Title

Purely Functional Random-Access Pairs and Lists

Author

David Van Horn

Status

This SRFI is in ``final'' status. To see an explanation of each status that a SRFI can hold, see here. To provide input on this SRFI, please mail to <srfi minus 101 at srfi dot schemers dot org>. See instructions here to subscribe to the list. You can access previous messages via the archive of the mailing list. You can access post-finalization messages via the archive of the mailing list.

Table of contents

Abstract

Random-access lists [1] are a purely functional data structure for representing lists of values. A random-access list may act as a drop in replacement for the usual linear-access pair and list data structures (pair?, cons, car, cdr), which additionally supports fast index-based addressing and updating (list-ref, list-set). The impact is a whole class of purely-functional algorithms expressed in terms of index-based list addressing become feasible compared with their linear-access list counterparts.

This document proposes a library API for purely functional random-access lists consistent with the R6RS [2] base library and list utility standard library [3].

Issues

Rationale

Functional programming and list hacking go together like peanut butter and jelly, eval and apply, syntax and semantics, or cursing and recursing. But the traditional approach to implementing pairs and lists results in index-based access (list-ref) requiring time proportional the index being accessed. Moreover, indexed-based functional update (list-set) becomes so inefficient as to be nearly unspeakable. Instead, programmers revert the imperatives of the state; they use a stateful data structure and imperative algorithms.

This SRFI intends to improve the situation by offering an alternative implementation strategy based on Okasaki's purely functional random-access lists [1]. Random-access pairs and lists can be used as a replacement for traditional, linear-access pairs and lists with no asymptotic loss of efficiency. In other words, the typical list and pair operations such as cons, car, and cdr, all operate in O(1) time as usual. However, random-access lists additionally support index-based access and functional update operations that are asymptotically cheaper; O(log(n)) for random-access lists versus O(n) for linear-access lists, where n is the length of the list being access or updated. As such, many purely functional index-based list algorithms become feasible by using a random-access list representation for pairs and lists.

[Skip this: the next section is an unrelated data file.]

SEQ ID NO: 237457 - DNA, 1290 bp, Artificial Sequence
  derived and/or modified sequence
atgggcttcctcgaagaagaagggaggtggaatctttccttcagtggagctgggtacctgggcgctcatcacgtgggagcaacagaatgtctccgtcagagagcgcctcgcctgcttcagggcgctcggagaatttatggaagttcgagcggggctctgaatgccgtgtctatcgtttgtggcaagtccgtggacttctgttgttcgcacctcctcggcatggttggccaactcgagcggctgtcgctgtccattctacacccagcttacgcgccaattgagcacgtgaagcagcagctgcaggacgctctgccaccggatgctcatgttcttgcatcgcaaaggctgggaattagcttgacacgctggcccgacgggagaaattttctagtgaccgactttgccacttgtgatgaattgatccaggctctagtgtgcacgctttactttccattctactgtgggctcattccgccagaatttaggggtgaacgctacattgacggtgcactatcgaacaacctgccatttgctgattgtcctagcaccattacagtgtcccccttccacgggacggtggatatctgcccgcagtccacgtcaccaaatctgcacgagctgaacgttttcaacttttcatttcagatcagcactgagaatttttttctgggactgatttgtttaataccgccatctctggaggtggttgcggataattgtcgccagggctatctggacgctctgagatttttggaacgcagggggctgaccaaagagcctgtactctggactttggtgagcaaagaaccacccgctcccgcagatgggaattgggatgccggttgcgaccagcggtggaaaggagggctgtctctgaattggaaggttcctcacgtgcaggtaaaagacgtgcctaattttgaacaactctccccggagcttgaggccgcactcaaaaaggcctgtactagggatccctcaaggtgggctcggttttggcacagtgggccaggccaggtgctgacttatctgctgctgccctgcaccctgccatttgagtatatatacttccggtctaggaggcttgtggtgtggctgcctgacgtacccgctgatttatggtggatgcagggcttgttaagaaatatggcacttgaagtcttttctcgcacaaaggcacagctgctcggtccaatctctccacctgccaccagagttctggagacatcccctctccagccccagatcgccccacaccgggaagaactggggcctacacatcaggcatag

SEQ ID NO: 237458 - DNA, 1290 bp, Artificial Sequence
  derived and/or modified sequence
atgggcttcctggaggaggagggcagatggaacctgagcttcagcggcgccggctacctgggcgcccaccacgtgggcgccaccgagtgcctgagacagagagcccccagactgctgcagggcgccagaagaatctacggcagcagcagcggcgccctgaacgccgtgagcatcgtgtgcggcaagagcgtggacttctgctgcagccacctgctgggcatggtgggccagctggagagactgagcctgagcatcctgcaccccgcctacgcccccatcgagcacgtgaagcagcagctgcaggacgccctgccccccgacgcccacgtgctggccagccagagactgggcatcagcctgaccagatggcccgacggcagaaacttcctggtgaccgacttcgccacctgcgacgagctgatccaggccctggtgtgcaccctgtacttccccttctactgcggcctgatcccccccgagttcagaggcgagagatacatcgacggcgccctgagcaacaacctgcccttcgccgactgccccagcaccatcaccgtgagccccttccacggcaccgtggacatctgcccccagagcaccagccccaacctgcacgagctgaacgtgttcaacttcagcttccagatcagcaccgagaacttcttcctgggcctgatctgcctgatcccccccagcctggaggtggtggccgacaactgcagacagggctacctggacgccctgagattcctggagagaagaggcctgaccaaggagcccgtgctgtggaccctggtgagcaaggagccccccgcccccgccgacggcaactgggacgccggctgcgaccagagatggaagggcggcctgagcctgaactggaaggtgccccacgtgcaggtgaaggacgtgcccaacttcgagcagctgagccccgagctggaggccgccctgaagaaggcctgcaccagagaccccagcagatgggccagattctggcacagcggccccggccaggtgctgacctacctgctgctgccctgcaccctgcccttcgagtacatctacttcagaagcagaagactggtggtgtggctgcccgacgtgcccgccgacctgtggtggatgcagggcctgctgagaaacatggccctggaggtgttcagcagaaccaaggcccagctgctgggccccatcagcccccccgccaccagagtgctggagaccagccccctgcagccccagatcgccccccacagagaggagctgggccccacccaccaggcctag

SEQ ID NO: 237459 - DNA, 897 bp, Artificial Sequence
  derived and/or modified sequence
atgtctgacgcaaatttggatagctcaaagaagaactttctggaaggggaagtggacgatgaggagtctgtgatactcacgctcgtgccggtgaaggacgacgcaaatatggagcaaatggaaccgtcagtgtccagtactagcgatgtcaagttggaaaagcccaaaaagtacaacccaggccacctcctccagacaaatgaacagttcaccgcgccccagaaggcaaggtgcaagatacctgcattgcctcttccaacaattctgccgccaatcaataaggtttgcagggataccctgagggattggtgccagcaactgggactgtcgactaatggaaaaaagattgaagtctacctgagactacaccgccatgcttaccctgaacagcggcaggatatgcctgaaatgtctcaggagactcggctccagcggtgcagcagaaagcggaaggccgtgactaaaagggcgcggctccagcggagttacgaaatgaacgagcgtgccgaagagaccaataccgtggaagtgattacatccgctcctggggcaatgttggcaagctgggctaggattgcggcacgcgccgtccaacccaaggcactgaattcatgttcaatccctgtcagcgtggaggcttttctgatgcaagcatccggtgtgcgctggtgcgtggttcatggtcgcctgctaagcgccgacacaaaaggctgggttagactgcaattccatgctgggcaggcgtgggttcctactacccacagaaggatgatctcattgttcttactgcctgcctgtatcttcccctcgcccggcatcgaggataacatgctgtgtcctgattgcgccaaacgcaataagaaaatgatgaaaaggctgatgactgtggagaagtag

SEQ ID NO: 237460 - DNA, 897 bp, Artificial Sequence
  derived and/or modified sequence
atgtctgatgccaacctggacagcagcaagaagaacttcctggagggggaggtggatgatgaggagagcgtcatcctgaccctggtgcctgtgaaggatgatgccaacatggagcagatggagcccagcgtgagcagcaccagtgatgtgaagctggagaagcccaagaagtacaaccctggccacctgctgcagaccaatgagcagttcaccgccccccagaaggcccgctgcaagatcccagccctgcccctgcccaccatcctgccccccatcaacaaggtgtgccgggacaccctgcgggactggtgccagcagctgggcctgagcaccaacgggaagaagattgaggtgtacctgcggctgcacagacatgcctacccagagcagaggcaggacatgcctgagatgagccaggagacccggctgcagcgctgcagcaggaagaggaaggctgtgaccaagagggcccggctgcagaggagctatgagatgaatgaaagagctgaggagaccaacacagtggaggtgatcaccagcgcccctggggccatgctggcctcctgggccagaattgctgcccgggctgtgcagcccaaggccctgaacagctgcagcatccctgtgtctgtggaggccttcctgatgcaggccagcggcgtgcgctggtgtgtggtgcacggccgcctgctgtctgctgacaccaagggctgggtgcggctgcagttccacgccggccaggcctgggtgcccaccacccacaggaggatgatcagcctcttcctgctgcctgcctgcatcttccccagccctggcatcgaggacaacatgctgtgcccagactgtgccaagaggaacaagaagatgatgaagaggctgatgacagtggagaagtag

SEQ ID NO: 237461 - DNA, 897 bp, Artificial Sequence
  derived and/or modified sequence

The requirements of this SRFI have been designed in such a way as to admit portable library implementations of this feature, such as the reference implementation, while at the same time admit more radical implementations that embrace random-access pairs as the fundamental pair representation.

Specification

Random-access pairs and lists

A random-access pair (or just pair) is a compound structure with two fields called the car and the cdr fields (consistent with the historical naming of pair fields in Scheme). Pairs are created by the procedure cons. The car and cdr fields are accessed by the procedures car and cdr.

Pairs are used primarily to represents lists. A list can be defined recursively as either the empty list or a pair whose cdr is a list. More precisely, the set of lists is defined as the smallest set X such that

The objects in the car fields of successive pairs of a list are the elements of the list. For example, a two-element list is a pair whose car is the first element and whose cdr is a pair whose car is the second element and whose cdr is the empty list. The length of a list is the number of elements, which is the same as the number of pairs.

The empty list is a special object of its own type. It is not a pair. It has no elements and its length is zero.

Note: The above definitions imply that all lists have finite length and are terminated by the empty list.

A chain of pairs is defined recursively as either a non-pair object or a pair whose cdr is a chain of pairs (Note: every value is a chain of pairs). A chain of pairs ending in the empty list is a list. A chain of pairs not ending in the empty list is called an improper list. Note that an improper list is not a list. Whether a given pair is a list depends upon what is stored in the cdr field.